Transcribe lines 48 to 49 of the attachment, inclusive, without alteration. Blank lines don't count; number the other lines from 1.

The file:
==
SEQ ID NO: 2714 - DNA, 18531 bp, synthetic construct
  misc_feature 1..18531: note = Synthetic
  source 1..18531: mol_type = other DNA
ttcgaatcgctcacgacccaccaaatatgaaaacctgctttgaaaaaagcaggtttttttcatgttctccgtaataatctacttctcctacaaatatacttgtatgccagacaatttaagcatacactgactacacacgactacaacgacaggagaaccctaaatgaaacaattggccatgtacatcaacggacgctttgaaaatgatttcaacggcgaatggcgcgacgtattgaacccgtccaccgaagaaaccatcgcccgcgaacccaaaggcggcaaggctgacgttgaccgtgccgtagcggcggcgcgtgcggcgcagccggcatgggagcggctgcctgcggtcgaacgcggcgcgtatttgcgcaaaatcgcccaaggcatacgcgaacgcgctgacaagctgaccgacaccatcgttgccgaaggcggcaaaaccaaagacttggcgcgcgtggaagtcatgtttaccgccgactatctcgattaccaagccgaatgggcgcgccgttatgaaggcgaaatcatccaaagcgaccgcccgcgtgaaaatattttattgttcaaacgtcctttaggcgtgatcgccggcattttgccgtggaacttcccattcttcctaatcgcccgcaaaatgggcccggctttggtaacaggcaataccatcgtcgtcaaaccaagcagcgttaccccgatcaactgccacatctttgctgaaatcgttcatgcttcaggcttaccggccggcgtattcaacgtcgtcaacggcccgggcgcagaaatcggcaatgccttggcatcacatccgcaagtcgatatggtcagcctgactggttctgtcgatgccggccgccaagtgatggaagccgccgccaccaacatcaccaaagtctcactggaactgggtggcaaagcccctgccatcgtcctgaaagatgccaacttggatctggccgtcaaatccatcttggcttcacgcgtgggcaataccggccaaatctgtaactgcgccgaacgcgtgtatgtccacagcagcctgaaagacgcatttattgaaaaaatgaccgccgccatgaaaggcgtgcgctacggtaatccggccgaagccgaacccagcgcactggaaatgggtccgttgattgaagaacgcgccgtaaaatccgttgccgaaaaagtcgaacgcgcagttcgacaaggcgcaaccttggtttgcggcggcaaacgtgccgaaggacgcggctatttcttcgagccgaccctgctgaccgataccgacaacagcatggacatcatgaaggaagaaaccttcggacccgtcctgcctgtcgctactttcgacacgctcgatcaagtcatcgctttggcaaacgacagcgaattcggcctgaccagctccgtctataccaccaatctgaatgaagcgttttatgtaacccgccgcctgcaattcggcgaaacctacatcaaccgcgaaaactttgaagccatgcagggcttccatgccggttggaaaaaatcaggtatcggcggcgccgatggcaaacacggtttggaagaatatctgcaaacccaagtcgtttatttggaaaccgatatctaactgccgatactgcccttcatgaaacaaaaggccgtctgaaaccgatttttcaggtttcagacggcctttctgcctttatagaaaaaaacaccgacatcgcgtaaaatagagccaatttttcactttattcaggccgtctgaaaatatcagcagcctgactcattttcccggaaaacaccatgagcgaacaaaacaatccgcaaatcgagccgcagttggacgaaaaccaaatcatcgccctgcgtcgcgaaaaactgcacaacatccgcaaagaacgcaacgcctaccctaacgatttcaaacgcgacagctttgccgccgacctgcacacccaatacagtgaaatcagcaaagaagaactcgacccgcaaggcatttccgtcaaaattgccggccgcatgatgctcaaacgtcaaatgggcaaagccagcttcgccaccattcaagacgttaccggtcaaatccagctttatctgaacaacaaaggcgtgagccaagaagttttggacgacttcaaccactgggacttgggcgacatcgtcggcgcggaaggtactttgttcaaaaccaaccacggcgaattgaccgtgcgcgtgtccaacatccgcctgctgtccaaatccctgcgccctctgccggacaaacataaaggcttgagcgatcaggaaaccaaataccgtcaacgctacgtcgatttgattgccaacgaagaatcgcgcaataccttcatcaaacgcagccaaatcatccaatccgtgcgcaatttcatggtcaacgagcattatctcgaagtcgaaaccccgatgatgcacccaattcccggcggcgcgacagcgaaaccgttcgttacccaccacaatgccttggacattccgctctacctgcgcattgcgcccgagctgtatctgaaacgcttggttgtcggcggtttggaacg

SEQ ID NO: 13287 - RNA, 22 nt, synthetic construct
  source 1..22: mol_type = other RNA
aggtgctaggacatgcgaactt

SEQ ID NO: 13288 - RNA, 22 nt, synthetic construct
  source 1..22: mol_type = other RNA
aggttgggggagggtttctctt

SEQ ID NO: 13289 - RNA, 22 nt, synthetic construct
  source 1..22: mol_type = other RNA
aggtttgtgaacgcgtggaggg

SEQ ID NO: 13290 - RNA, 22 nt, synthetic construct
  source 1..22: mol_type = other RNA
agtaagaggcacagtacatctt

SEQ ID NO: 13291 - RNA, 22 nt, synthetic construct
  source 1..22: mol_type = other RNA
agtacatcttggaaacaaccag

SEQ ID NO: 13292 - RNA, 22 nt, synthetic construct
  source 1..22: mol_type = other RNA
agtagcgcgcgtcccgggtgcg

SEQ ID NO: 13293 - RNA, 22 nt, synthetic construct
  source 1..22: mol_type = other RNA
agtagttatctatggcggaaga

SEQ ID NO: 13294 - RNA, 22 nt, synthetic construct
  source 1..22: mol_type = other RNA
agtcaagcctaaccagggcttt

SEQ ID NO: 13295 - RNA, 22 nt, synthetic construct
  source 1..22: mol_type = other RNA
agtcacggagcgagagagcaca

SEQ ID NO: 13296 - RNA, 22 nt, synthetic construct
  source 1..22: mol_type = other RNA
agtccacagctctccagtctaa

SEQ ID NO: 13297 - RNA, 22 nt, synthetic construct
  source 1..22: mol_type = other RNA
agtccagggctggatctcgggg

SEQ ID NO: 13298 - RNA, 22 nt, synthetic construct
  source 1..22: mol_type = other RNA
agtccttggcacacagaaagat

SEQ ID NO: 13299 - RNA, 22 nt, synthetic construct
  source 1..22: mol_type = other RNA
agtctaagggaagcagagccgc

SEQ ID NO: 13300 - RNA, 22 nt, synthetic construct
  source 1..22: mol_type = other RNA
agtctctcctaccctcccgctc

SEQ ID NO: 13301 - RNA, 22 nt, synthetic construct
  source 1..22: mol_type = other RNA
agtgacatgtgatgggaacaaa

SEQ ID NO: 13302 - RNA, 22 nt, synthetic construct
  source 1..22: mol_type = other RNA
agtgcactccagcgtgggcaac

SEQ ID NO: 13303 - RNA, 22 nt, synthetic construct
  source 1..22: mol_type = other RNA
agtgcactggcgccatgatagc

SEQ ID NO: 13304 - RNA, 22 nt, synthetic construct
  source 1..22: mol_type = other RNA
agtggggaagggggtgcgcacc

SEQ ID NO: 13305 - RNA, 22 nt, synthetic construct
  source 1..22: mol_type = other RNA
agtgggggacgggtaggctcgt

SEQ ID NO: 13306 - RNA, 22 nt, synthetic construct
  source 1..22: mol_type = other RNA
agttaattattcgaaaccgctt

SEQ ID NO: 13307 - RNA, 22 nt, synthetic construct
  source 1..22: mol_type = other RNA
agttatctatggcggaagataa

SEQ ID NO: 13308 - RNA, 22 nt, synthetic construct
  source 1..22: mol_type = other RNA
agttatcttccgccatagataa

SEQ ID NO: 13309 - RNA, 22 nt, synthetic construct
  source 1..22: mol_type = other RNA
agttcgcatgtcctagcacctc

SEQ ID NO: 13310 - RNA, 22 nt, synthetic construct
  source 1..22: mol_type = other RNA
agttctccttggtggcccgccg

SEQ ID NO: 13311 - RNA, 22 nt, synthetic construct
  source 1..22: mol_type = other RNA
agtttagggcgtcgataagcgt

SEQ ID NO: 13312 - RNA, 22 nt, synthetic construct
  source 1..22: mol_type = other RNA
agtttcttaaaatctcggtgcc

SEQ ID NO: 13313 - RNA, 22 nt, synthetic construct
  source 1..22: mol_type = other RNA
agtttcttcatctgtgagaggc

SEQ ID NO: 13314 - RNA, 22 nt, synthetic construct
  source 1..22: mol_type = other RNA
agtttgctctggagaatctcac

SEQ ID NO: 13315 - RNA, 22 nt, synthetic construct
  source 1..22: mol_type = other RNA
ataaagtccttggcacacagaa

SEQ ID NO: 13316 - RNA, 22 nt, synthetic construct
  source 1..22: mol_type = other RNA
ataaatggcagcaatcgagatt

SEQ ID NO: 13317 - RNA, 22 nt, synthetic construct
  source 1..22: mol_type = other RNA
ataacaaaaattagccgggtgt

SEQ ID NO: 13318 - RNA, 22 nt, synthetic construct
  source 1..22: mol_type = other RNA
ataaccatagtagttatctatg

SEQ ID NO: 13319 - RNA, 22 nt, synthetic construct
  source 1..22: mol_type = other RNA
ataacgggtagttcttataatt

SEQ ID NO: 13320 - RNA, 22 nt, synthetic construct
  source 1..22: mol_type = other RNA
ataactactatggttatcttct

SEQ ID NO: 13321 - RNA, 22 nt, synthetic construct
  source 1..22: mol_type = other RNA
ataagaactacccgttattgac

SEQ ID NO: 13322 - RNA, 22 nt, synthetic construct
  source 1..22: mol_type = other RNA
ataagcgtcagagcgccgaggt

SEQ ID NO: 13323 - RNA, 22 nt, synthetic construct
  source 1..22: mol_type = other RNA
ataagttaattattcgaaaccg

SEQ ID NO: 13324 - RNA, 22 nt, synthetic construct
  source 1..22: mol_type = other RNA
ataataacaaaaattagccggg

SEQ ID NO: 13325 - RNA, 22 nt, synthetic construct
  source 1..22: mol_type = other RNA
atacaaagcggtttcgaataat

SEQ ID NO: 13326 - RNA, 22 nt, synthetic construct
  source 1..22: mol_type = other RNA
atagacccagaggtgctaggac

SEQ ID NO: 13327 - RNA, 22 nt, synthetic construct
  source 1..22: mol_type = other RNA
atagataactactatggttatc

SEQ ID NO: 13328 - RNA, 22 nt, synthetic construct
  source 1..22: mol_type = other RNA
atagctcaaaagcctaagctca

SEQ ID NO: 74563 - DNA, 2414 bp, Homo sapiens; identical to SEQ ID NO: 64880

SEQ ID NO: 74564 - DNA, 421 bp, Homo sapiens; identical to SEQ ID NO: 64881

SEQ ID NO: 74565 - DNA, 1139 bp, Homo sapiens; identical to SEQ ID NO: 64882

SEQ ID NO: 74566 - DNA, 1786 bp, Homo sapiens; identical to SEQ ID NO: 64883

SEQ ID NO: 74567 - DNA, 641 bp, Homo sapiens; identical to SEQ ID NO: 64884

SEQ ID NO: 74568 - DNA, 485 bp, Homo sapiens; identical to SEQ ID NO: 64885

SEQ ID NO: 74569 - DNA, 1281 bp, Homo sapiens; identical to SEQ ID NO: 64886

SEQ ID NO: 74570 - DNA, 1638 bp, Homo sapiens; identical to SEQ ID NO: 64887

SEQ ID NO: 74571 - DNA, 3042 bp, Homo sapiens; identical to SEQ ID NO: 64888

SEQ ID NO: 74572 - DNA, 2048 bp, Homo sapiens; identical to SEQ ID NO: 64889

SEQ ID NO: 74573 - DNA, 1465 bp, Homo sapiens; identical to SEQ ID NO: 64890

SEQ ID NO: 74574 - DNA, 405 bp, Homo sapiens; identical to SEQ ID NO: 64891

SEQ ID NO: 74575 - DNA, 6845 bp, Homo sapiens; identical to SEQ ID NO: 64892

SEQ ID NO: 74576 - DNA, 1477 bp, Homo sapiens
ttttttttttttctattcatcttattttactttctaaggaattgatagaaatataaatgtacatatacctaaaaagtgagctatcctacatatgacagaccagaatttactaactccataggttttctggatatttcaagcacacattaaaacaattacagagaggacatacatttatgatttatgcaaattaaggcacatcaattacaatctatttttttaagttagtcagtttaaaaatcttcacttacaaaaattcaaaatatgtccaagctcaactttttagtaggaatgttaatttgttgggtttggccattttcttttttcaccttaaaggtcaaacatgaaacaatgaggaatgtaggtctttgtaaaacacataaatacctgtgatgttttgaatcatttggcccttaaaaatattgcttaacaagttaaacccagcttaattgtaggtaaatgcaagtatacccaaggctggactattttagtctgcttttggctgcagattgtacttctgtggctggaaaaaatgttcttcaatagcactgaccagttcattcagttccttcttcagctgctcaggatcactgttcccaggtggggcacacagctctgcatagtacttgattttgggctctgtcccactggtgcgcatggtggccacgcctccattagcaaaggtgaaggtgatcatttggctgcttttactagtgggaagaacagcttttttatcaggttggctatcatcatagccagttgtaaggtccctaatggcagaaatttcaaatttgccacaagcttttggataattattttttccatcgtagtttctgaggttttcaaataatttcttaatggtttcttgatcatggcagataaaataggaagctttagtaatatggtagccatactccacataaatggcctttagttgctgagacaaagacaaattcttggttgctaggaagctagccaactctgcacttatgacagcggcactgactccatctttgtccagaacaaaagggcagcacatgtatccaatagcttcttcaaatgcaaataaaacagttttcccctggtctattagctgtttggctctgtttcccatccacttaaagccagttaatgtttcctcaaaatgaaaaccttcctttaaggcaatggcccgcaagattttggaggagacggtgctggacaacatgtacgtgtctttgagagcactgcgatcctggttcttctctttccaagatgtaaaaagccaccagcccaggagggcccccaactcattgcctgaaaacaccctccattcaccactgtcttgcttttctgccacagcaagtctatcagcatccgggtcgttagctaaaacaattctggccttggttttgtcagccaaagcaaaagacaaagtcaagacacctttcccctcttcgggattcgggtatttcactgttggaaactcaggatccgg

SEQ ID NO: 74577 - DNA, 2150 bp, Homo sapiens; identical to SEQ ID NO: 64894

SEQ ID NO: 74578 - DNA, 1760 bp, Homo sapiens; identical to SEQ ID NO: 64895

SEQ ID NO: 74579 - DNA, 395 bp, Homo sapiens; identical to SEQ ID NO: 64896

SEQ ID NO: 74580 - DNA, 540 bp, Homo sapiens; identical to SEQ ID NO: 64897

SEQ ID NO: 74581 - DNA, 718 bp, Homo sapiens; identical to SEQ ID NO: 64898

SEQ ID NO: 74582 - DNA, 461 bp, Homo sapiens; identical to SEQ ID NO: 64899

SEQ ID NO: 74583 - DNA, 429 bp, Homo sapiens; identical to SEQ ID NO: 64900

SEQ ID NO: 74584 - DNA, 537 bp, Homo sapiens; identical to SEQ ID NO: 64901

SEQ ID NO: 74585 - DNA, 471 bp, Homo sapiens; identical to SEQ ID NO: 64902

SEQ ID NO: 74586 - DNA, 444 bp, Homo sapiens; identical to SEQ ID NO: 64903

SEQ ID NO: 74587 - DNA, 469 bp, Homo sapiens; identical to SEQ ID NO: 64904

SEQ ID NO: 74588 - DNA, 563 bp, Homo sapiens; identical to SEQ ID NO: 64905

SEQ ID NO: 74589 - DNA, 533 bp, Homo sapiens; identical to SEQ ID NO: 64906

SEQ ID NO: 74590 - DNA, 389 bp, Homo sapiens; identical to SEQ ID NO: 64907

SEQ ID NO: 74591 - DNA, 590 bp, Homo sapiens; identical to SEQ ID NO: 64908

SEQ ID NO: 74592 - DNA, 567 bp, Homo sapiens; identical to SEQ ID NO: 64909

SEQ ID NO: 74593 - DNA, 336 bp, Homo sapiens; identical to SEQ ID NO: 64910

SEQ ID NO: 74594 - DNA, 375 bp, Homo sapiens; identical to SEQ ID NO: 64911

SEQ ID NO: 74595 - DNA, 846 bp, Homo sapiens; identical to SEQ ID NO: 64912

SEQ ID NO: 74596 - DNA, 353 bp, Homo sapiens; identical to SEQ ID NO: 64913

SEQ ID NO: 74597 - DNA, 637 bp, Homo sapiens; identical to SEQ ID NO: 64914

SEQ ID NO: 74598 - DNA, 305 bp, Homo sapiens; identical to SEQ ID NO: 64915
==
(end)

  source 1..22: mol_type = other RNA
agtgacatgtgatgggaacaaa